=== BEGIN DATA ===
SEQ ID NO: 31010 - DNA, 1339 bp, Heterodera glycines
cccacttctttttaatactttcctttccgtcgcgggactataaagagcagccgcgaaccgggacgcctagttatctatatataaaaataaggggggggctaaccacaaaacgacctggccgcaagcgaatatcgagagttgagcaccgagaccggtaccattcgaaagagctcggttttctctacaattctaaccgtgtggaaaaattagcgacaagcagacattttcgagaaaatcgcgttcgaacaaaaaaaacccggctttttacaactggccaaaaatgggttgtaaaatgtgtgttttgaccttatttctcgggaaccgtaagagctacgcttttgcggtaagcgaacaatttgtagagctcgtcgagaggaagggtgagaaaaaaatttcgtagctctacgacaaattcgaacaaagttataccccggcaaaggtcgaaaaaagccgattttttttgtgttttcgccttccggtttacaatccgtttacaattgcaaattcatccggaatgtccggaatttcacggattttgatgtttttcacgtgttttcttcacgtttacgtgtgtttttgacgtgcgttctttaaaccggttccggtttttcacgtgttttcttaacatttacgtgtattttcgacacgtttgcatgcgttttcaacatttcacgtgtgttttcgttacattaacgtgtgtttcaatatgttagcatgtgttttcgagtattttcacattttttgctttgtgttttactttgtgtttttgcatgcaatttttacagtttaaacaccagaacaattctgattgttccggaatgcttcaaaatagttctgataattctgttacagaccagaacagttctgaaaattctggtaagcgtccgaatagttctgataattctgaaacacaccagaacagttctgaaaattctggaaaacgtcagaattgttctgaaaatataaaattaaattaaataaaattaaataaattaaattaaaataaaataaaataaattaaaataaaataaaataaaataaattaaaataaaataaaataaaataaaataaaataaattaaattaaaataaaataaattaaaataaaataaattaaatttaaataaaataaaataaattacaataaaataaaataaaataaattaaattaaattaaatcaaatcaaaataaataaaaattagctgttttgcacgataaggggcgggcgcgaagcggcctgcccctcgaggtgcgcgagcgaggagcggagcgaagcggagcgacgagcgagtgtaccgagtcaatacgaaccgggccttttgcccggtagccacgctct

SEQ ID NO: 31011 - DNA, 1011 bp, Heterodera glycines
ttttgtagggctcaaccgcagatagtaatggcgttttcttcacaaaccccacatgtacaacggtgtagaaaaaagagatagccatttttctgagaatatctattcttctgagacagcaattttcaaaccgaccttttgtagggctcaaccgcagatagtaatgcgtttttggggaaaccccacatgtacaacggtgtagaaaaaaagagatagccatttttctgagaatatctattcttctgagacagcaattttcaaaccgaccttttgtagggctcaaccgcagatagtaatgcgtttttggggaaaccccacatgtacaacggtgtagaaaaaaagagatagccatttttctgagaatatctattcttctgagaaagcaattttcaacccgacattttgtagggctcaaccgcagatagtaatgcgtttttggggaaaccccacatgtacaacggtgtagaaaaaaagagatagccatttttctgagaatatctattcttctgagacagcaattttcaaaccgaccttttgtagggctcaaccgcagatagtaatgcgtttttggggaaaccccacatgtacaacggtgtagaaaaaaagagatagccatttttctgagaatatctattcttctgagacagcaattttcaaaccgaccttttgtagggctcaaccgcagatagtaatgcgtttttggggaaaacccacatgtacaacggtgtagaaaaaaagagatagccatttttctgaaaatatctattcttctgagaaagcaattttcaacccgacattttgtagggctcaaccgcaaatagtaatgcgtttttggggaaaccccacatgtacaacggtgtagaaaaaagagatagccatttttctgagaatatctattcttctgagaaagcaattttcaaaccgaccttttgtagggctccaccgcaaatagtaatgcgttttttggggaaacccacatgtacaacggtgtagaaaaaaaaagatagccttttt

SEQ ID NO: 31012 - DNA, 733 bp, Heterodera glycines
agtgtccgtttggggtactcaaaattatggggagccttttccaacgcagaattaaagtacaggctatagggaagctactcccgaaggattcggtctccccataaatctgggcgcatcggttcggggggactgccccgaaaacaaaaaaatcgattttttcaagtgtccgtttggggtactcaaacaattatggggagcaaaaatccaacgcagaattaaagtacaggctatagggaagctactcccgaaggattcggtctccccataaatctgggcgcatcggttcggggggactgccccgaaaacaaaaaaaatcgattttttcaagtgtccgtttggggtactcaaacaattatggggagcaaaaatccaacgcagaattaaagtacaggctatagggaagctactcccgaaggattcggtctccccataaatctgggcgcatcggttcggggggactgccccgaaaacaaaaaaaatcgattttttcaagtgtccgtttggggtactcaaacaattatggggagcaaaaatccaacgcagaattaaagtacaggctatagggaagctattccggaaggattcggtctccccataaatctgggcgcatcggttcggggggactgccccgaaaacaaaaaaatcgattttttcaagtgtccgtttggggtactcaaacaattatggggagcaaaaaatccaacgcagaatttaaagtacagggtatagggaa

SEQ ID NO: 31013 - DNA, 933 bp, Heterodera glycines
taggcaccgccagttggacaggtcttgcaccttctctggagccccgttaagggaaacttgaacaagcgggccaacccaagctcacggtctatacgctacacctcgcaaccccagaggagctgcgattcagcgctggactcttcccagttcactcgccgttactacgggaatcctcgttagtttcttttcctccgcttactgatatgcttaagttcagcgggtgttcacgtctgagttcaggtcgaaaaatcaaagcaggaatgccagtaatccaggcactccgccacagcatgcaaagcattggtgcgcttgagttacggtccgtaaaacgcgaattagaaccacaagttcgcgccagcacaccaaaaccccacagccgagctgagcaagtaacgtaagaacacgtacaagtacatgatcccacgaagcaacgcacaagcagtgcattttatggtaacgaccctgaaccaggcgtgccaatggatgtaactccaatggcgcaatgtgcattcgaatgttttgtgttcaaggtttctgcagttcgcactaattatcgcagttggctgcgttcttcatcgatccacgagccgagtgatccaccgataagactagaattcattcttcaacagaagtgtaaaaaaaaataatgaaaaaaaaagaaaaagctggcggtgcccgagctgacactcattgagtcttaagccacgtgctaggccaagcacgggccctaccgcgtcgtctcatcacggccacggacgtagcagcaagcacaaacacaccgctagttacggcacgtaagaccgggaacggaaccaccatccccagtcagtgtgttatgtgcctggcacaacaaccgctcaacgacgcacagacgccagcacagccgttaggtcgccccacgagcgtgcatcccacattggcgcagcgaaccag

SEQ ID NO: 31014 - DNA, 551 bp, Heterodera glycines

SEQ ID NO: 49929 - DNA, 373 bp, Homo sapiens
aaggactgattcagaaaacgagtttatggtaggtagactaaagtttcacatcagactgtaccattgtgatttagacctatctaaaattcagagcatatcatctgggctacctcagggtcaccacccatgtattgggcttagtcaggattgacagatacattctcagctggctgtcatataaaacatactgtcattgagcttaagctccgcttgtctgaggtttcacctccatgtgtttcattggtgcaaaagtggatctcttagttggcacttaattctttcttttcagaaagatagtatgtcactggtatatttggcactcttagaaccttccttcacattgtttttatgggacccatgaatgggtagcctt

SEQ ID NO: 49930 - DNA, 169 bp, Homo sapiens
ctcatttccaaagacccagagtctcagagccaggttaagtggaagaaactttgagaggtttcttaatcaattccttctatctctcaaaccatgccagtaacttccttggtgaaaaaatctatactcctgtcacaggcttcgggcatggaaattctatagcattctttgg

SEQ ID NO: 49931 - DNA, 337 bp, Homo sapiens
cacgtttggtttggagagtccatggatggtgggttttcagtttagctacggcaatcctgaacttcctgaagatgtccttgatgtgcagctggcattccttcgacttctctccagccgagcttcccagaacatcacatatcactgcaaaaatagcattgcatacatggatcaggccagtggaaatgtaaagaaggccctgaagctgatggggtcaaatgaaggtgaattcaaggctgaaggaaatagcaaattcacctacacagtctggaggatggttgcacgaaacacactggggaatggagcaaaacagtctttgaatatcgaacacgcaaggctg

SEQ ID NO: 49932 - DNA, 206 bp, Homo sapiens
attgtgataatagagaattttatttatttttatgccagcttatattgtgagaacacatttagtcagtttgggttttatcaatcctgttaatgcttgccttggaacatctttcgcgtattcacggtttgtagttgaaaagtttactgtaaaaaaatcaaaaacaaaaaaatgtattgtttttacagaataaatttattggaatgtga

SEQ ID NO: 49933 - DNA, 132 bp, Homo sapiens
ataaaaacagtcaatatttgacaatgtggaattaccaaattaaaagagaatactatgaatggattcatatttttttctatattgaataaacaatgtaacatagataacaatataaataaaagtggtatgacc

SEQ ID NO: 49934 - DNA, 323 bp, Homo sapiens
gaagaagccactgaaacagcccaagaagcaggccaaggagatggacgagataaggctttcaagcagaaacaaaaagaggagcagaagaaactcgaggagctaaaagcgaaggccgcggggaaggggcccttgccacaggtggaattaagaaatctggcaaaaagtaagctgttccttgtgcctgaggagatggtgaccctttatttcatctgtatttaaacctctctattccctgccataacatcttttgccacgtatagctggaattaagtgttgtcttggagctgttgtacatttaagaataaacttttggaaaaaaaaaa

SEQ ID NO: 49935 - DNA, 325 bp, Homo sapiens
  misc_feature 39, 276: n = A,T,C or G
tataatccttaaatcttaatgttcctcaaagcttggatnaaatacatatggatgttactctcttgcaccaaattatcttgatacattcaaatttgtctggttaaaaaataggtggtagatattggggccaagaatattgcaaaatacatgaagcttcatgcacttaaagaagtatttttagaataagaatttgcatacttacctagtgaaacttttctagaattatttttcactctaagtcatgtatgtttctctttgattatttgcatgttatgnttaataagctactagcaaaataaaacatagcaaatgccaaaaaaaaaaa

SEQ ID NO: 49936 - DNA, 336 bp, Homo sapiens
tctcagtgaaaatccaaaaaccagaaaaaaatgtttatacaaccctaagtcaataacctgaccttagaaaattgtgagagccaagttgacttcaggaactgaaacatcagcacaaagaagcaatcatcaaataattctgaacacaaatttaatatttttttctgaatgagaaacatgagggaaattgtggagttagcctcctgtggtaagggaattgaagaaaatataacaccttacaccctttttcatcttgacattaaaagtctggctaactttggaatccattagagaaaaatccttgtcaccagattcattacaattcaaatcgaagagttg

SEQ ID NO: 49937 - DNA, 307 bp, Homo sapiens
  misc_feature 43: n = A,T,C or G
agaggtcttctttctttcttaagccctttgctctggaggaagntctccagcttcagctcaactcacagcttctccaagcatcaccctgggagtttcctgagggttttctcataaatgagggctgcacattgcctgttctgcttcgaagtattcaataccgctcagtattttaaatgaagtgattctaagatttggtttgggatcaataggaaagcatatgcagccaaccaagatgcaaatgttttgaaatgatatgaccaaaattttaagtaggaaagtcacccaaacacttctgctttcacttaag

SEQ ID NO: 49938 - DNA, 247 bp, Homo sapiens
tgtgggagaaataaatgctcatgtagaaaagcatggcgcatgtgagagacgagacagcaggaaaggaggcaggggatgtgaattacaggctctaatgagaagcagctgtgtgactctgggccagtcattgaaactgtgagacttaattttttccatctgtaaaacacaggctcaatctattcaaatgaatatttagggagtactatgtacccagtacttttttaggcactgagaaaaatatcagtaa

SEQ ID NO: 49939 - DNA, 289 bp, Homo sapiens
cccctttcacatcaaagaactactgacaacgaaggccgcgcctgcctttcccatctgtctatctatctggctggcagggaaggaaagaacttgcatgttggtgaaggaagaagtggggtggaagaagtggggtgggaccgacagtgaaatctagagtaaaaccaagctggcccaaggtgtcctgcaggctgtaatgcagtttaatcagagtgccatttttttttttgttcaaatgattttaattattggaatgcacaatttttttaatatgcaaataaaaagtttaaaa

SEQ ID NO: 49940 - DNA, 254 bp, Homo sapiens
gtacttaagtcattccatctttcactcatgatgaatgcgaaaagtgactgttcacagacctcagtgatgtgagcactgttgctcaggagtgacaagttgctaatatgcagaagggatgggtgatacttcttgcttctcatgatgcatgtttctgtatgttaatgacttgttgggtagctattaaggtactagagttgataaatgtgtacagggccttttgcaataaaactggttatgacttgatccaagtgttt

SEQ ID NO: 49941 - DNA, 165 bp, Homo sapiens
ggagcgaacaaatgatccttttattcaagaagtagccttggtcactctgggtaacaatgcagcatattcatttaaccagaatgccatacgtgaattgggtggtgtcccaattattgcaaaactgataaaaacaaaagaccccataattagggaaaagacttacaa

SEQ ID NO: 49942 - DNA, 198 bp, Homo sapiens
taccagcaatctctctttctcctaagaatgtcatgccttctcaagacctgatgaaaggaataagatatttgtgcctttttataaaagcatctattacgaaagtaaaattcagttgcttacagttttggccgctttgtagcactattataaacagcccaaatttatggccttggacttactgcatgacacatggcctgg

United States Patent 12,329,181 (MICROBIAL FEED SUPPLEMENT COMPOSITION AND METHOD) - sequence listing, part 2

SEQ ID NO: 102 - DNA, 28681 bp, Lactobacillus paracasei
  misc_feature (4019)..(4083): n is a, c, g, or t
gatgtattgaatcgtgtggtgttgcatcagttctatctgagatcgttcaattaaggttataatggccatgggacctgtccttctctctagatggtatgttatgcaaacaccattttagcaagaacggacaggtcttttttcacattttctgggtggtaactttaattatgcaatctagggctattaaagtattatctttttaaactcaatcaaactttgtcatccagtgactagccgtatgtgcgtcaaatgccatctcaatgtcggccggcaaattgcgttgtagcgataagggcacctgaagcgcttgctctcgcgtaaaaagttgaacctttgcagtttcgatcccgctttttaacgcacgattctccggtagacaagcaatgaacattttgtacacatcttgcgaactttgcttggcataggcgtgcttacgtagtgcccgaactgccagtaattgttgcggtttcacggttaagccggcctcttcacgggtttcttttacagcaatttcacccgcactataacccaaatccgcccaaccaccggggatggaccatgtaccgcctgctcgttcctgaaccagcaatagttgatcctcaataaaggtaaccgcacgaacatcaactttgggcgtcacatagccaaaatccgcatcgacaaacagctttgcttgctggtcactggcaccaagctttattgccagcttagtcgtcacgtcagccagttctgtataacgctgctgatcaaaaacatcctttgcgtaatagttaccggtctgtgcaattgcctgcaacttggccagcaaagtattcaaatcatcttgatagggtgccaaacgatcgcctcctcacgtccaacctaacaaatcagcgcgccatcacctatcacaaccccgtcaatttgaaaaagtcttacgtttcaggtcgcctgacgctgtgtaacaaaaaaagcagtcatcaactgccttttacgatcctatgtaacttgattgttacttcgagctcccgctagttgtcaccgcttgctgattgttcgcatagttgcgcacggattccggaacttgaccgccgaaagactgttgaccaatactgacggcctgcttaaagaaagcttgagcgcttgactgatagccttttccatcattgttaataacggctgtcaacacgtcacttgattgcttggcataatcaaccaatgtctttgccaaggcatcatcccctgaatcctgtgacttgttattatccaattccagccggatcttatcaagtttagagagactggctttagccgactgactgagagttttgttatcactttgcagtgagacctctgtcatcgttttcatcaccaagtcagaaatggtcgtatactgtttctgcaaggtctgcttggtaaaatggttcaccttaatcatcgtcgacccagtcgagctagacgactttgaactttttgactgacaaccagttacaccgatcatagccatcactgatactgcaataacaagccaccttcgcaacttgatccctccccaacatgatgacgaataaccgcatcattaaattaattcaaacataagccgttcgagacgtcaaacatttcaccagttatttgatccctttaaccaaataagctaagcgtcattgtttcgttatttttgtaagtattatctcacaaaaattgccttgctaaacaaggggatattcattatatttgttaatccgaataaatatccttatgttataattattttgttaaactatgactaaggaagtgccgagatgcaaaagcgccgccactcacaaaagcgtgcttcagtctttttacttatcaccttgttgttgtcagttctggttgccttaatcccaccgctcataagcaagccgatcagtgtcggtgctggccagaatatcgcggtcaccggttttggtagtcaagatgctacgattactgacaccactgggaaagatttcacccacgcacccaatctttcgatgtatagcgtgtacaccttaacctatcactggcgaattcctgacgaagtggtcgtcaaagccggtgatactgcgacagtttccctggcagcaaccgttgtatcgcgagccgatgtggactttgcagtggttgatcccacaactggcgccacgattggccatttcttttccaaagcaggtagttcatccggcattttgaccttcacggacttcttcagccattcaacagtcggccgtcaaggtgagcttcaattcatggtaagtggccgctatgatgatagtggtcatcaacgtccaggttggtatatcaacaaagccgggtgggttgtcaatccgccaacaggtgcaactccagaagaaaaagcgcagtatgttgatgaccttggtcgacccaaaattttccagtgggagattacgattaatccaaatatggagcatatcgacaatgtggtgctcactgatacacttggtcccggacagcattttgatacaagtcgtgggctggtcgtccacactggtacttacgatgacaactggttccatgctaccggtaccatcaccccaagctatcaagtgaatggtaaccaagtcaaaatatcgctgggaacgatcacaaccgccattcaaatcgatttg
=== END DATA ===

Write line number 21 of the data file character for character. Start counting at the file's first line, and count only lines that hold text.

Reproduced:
gaagaagccactgaaacagcccaagaagcaggccaaggagatggacgagataaggctttcaagcagaaacaaaaagaggagcagaagaaactcgaggagctaaaagcgaaggccgcggggaaggggcccttgccacaggtggaattaagaaatctggcaaaaagtaagctgttccttgtgcctgaggagatggtgaccctttatttcatctgtatttaaacctctctattccctgccataacatcttttgccacgtatagctggaattaagtgttgtcttggagctgttgtacatttaagaataaacttttggaaaaaaaaaa